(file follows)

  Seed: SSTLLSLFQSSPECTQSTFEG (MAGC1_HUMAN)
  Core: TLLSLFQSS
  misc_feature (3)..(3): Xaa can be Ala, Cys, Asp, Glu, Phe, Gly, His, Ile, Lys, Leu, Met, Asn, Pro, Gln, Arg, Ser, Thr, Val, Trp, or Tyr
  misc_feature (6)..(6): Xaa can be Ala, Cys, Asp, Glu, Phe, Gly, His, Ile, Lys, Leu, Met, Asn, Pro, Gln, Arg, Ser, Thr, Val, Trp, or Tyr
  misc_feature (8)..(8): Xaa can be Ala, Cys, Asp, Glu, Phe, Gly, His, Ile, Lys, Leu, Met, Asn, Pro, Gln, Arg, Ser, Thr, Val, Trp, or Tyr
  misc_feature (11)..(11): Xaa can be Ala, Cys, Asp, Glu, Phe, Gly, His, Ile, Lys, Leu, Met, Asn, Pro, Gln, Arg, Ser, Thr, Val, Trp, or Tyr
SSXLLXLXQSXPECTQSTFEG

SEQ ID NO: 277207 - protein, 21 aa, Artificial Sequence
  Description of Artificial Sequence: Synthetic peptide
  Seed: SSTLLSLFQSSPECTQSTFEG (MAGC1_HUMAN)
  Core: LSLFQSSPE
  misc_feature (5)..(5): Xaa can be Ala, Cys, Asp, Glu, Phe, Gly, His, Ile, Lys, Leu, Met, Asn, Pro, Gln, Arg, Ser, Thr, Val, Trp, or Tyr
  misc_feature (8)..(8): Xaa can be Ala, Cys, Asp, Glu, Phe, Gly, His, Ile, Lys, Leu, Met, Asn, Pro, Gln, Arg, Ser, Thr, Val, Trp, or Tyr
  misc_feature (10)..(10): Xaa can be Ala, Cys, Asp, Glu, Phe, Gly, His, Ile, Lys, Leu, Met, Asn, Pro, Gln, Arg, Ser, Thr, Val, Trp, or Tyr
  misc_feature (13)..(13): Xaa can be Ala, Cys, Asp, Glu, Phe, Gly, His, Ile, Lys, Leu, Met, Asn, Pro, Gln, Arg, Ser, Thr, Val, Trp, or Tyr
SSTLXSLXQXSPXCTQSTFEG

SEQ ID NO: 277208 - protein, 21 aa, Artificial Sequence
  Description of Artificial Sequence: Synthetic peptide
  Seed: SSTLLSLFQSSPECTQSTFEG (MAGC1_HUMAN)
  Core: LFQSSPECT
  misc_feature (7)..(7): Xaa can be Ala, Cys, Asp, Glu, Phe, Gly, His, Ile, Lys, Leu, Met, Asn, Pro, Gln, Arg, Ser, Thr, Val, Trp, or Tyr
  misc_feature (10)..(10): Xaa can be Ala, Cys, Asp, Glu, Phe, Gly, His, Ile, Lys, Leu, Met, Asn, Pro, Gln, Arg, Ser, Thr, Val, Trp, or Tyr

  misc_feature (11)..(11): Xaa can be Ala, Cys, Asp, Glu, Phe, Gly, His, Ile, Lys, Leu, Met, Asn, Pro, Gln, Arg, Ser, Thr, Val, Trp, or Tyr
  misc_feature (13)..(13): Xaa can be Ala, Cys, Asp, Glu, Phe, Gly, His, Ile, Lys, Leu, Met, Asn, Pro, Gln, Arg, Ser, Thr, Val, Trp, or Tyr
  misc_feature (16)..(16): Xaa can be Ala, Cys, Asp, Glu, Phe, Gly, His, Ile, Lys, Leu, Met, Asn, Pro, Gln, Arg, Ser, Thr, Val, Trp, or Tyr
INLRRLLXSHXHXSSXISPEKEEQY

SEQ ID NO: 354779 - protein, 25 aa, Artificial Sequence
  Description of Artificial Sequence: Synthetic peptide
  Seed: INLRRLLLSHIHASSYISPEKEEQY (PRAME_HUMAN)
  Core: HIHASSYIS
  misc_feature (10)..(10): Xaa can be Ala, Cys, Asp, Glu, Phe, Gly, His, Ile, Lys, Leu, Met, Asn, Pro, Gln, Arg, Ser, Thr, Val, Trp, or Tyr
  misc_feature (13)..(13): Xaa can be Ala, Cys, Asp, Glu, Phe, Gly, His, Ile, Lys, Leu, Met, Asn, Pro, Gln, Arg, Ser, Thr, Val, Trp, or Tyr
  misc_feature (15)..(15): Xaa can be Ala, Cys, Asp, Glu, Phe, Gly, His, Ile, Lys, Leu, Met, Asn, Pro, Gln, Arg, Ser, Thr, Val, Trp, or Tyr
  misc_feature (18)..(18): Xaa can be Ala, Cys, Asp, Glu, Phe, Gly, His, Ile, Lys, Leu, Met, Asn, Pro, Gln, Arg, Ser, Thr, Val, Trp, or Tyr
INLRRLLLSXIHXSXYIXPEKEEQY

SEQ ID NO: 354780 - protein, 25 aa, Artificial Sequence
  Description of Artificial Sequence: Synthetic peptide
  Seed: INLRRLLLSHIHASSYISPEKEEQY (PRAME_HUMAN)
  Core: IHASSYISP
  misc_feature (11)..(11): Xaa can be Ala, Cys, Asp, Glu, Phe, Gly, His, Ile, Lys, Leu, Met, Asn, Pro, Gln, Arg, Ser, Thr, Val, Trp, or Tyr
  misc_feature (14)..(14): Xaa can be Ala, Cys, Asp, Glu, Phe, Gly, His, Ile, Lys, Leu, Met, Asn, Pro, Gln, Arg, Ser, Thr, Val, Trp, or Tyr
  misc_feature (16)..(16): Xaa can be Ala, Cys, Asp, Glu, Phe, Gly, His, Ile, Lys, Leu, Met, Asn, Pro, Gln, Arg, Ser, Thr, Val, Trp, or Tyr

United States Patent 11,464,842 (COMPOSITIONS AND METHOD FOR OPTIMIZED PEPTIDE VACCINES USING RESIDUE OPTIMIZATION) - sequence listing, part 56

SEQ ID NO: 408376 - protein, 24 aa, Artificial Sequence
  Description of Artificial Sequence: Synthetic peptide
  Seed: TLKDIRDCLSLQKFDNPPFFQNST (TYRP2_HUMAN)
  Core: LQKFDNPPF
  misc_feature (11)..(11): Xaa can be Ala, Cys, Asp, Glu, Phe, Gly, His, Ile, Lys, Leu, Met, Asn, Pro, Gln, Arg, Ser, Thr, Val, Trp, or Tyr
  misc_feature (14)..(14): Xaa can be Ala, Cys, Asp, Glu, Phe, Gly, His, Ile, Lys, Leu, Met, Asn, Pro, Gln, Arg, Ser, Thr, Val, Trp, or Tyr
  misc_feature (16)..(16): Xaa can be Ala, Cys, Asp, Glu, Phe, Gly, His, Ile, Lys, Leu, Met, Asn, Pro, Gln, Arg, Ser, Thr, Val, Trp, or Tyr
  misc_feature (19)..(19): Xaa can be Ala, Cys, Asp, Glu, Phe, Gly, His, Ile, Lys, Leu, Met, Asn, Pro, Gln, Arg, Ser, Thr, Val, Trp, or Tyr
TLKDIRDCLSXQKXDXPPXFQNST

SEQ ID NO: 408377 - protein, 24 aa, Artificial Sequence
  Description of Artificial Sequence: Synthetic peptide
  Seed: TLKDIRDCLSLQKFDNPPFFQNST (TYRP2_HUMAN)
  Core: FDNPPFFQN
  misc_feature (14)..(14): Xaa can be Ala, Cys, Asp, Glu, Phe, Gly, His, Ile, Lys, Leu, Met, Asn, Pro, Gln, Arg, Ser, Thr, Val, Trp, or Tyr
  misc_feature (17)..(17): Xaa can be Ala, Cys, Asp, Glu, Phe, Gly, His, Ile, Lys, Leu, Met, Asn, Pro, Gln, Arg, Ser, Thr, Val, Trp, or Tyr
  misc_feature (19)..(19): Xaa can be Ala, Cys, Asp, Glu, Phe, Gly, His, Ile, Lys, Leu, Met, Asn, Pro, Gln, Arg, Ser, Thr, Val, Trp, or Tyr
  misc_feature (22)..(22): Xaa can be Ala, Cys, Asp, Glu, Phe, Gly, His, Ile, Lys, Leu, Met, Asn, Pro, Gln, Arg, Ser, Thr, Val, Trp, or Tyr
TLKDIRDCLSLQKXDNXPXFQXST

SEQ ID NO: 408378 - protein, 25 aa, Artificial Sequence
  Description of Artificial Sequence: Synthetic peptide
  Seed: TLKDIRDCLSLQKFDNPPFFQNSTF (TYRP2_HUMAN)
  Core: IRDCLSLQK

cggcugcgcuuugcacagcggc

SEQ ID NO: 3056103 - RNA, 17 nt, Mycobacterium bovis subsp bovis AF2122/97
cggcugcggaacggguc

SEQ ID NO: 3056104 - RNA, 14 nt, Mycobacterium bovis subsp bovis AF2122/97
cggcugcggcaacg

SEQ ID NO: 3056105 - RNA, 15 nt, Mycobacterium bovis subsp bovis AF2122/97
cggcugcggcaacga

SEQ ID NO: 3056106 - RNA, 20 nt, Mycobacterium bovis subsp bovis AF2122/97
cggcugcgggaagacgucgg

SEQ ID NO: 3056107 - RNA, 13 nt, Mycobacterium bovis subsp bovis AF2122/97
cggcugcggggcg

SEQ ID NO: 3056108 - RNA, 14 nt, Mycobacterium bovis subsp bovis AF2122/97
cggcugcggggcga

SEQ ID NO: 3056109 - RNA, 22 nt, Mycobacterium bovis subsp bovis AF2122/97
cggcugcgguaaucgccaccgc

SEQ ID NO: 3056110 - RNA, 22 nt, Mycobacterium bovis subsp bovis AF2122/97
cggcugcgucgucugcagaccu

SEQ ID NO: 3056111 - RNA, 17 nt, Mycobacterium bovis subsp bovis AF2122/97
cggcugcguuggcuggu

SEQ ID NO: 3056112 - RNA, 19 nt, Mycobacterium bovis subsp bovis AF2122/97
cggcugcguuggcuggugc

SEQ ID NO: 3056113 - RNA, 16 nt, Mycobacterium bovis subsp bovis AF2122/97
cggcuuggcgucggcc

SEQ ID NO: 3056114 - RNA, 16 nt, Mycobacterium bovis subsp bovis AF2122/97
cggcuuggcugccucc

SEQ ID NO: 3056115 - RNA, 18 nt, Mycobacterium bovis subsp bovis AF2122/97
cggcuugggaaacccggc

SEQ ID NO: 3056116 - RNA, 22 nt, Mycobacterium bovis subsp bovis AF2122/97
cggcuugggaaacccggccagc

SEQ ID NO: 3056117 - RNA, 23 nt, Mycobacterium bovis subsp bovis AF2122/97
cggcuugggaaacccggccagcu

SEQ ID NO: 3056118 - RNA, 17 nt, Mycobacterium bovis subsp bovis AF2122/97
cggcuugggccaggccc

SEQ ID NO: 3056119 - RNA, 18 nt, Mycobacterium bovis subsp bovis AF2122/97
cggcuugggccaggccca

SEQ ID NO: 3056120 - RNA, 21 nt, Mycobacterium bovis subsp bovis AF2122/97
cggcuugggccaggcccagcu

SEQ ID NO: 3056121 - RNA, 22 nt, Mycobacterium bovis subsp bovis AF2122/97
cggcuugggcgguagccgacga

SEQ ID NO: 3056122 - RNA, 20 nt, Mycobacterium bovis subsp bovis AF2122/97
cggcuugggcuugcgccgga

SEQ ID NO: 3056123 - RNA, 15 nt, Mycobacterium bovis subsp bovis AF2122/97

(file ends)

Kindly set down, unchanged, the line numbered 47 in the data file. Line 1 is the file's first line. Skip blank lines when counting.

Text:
  Core: LQKFDNPPF